Effort and experience: Five things we learned from Juan Antonio Pizzi’s Saudi Arabia squad

Juan Antonio Pizzi has revealed the men he trusts to represent Saudi Arabia in Russia this summer.
Updated 05 June 2018
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Effort and experience: Five things we learned from Juan Antonio Pizzi’s Saudi Arabia squad

  • Argentine boss not willing to risk unfit players in Russia.
  • A lot of pressure on Green Falcons' midfield to produce the goals.

Juan Antonio Pizzi has revealed his cards and named the 23 men he will trust to try to steer Saudi Arabia to success at the World Cup. Here are the five things we have learned from the Argentine’s selections:
YASSER AL-SHAHRANI IS KEY: It may not be that brave these days to take two recognized strikers to a major tournament but three full-backs is something else. The bonus for Pizzi is that Al-Shahrani can play on either side, providing a two-in-one option that enables the boss to load the plane with 11 midfielders.

ONLY THE FITTEST SURVIVE: Only the fittest survive: Since Pizzi arrived in November, the Argentine has tried to ramp up the intensity. There is more energy, more pressing and more sweat on display. The omission of the talented but recently injured Nawaf Al-Abed illustrates that anyone who was not 100 percent was never going to get to Russia. If Saudi Arabia have any chance of getting out of the group then hard work and effort will be key. Any player whose fitness is in question can make themselves comfortable on the subs’ bench safe in the knowledge that is where they will most likely stay.

MIDFIELD IS WHERE THE ATTACKING INTENT WILL COME FROM: Saudi 
Arabia just do not have top-quality strikers. Mohammed Al-Sahlawi and Mohanad Aseri are unlikely to strike fear into opposition defenses. There is, however, plenty of attacking talent among the raft of midfielders named and it may well be that a version of a strikerless Green Falcons is spotted in Russia this summer.

NAWAF AL-ABED IS UNLUCKY: The Al-Hilal midfielder did so much to get the Green Falcons to their first World Cup since 2006 and if Bert van Marwijk was still in charge, he would likely be in the squad despite his injury woes. Pizzi knows the player less well. Had Al-Abed been fit a month earlier to take the pitch against Algeria or Greece then things may have been different, but coming in against a rampant Peru team, one full of energy and talent, was unfortunate for a player with almost zero game time under his belt. His creativity will be missed.

EXPERIENCE MATTERS: Take the recovering Al-Abed out of the equation and all those who missed the cut were players who were far from 
national team regulars. Assaf Al-Qarni in goal, defenders Saeed Al-Mowalad and Mohammed Jahfali and midfielder Mohammed Al-Kwikbi have barely 30 international appearances between them. Pizzihas gone with experience and with 80,000 hostile fans waiting in Moscow in the opening game, perhaps it will prove to be a wise decision.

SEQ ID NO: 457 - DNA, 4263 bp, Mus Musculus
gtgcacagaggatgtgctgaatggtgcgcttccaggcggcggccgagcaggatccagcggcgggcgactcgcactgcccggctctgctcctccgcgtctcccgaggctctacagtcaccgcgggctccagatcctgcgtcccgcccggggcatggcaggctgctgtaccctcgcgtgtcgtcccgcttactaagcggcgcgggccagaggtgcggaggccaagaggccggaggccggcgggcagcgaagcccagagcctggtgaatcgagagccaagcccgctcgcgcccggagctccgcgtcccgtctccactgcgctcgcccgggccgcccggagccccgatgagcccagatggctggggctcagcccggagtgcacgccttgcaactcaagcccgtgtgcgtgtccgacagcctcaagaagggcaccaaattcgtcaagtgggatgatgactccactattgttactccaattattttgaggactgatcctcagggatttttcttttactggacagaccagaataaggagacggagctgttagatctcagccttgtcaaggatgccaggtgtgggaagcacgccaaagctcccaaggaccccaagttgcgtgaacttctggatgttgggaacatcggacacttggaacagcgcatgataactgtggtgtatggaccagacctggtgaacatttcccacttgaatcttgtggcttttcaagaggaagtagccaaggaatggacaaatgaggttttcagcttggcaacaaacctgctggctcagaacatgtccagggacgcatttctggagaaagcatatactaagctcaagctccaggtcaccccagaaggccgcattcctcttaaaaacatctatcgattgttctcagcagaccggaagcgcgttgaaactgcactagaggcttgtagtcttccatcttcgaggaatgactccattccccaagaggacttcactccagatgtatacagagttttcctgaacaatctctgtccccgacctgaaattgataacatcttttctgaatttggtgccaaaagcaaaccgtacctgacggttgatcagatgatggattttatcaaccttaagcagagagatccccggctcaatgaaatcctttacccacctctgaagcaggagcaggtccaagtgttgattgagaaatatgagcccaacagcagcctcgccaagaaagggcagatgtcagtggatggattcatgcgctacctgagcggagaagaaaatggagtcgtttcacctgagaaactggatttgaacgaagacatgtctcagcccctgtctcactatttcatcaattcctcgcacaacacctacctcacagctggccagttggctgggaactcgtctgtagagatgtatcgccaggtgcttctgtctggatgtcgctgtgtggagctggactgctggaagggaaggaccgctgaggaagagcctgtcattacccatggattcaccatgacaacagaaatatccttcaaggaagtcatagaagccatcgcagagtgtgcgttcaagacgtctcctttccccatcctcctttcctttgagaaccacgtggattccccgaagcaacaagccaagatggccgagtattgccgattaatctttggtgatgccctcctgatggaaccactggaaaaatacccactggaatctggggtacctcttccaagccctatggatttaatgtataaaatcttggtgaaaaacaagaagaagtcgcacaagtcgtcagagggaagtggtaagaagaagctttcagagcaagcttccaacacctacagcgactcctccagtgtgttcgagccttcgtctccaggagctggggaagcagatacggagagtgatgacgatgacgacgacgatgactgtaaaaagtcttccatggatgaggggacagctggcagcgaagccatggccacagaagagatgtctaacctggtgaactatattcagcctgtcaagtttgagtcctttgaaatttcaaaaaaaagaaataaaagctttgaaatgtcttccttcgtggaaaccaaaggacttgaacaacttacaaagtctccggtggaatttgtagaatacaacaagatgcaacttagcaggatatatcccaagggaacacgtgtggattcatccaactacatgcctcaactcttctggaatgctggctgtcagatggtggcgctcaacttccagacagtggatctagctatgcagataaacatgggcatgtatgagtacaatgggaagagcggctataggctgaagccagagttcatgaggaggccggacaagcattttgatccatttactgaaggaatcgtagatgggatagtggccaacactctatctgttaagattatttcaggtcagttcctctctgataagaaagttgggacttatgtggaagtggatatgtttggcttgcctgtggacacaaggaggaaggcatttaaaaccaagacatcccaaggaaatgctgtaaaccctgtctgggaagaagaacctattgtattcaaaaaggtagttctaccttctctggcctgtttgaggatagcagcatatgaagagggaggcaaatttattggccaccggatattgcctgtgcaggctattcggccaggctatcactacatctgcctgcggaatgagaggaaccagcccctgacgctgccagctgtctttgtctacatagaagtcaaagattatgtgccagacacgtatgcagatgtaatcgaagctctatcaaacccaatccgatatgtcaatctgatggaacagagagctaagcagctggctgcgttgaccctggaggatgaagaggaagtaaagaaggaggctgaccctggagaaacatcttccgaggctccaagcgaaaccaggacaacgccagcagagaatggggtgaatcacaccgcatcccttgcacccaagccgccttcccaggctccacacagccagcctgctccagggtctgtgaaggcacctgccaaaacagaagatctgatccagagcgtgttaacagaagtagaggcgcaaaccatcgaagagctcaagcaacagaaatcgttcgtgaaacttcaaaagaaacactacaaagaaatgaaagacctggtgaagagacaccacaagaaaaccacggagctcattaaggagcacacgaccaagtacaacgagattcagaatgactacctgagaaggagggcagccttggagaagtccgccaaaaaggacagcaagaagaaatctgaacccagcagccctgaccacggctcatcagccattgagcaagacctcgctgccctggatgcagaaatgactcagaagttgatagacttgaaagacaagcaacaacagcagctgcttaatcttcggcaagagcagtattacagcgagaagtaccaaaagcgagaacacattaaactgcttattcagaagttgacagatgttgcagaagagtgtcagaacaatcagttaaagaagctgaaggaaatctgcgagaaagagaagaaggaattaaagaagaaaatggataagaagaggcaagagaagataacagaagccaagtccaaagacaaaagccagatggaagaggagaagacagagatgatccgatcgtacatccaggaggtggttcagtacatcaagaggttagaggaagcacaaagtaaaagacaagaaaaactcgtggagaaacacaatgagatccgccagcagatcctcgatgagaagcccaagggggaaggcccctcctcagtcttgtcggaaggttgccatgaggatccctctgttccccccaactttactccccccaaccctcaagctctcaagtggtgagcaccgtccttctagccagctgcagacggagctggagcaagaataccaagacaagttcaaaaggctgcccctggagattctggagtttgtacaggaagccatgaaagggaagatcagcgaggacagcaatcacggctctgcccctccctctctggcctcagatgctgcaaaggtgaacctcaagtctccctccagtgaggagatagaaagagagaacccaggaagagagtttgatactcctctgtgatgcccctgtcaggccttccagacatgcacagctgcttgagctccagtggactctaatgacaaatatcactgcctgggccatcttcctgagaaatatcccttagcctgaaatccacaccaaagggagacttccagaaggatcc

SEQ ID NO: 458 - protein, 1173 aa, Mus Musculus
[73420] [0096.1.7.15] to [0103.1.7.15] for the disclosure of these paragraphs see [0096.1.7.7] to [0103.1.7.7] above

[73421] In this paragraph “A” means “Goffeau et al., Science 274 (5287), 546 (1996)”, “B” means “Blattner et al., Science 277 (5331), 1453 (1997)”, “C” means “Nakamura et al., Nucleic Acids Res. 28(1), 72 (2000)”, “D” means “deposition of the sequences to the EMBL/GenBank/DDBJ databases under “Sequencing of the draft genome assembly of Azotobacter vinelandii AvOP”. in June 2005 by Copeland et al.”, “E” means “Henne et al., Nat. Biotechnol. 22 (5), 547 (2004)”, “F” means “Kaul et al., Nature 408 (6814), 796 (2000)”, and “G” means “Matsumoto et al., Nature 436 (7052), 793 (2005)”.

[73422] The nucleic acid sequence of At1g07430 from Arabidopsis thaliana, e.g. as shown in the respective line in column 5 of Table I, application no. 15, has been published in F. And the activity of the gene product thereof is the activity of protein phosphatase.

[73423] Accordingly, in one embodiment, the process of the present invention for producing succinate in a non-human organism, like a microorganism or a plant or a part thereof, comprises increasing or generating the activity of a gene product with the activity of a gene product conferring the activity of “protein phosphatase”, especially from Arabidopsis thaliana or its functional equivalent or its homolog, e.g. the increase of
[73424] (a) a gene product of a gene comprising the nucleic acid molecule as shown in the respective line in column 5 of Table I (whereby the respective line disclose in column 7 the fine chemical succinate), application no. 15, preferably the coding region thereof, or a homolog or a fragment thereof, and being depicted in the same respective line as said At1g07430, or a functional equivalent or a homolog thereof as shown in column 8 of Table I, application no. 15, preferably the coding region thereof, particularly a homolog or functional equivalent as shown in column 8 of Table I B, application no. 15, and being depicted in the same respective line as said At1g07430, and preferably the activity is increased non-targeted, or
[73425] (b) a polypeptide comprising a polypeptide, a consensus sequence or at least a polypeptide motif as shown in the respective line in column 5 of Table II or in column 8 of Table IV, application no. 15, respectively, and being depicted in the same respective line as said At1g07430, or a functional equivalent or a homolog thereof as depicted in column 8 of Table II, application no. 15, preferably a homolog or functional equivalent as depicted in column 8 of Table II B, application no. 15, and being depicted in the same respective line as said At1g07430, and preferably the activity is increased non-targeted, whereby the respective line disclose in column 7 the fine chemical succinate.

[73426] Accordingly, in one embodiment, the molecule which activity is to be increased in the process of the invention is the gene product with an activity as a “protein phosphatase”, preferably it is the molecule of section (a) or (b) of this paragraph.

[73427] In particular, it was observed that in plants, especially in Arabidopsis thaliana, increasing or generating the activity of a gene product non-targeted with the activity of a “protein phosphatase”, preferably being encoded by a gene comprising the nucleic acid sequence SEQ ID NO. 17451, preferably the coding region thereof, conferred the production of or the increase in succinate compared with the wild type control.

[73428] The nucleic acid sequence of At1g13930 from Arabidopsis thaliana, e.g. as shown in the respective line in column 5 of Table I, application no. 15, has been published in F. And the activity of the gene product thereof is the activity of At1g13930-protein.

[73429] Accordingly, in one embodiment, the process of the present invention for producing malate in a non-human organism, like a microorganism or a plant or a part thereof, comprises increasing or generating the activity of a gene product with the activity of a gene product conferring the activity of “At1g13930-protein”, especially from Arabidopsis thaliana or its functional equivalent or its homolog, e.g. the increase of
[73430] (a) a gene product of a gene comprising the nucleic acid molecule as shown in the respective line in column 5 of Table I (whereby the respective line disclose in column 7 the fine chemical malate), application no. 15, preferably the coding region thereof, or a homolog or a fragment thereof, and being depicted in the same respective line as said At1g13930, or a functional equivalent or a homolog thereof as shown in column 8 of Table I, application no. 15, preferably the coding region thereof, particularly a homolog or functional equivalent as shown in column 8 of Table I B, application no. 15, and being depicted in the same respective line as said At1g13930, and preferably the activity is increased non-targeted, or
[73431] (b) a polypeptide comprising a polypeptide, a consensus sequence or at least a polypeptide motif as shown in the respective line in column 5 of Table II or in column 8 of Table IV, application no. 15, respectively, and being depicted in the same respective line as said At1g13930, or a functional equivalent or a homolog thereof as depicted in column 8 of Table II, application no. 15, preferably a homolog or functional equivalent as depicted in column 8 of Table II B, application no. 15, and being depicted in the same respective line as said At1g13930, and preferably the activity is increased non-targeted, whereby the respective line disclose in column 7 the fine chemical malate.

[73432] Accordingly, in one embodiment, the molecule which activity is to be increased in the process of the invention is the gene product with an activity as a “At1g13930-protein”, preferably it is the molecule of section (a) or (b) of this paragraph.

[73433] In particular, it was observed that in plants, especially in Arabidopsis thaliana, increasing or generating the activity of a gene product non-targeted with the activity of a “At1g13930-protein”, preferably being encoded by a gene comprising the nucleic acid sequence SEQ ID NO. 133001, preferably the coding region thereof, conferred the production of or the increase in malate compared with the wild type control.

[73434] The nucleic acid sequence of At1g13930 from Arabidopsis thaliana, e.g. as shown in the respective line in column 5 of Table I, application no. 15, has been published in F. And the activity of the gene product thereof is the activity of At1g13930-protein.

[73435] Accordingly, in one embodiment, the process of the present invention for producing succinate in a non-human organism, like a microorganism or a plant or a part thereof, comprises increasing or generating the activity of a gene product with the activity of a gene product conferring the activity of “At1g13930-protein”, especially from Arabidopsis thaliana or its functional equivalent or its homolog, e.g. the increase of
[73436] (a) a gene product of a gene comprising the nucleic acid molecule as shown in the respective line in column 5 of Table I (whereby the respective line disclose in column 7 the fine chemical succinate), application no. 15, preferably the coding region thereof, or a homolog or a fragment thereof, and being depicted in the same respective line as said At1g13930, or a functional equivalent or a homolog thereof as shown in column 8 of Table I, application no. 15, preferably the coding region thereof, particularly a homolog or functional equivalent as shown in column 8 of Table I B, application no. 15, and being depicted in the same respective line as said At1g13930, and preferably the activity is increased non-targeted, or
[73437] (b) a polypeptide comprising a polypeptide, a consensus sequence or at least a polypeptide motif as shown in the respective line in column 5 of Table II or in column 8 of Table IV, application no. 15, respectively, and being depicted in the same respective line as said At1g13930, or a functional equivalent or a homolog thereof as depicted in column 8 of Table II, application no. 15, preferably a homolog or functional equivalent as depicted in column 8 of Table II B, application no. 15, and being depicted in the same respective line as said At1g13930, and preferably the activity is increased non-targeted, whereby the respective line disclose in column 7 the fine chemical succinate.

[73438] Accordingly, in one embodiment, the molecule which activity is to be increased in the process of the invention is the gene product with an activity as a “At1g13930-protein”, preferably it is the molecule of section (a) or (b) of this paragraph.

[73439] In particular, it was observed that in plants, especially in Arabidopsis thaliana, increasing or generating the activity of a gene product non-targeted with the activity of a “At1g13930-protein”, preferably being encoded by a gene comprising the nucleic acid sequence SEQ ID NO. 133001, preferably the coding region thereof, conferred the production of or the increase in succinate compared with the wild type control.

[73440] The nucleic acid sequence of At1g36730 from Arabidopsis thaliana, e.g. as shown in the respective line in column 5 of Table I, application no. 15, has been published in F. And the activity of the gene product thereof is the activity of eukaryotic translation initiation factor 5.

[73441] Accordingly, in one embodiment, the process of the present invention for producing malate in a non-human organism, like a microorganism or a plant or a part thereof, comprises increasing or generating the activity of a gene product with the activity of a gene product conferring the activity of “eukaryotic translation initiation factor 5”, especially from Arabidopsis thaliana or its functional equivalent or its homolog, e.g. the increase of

‘My feelings? Mixed’: Sebastian Vettel clings on in desperate Lewis Hamilton pursuit as Kimi Raikonnen wins US Grand Prix

Updated 22 October 2018
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‘My feelings? Mixed’: Sebastian Vettel clings on in desperate Lewis Hamilton pursuit as Kimi Raikonnen wins US Grand Prix

AUSTIN: Sebastian Vettel said he felt mixed emotions after keeping his slender title challenge alive by finishing fourth in Sunday’s United States Grand Prix, won by Ferrari team-mate Kimi Raikkonen.
The four-time champion, who started fifth on the grid after taking a three-place penalty, recovered from an opening lap spin to fight through the field in a tactical contest that left Lewis Hamilton frustrated in his bid to clinch his fifth drivers world title.
“My feelings? Mixed,” he said. “Happy. Really happy for Kimi. But not much for me. It should have been a better day.”
Vettel can only stop Hamilton taking his fifth drivers title next weekend in Mexico by winning the race and hoping Hamilton hits problems that keep him out of the top seven places.
He said he suffered a major blow when he clashed with Red Bull’s Daniel Ricciardo on the opening lap.
“I must have been in his blind spot. I’m not sure he saw me. The corner kept tightening and we hit. It was a big loss for me.”
Vettel’s disappointment took nothing away from a resurgent Ferrari’s satisfaction in recovering their mid-season pace, after abandoning several recent upgrades, and claiming a revitalising victory.
“I am very proud of them all,” said Ferrari team chief Maurizio Arrivabene.
“I was always proud of the guys and even more when we are winning races. It’s been hard for us recently and we had a race engineer pass away last weekend.... I have nothing more to add. It was great today. Thank you USA!“
Mercedes team chief Toto Wolff admitted that Ferrari had been faster than his team, as he had feared.
“We lacked the pace and I said don’t close it too early. They are very fast. Kimi winning is great for him and for Ferrari, so let’s go to the next race in Mexico now.
“It was difficult to overtake, but for us it was a strategy that got worse as it progressed. We need to re-think and see what we can do better. We put on a good show altogether and that’s what’s more important.”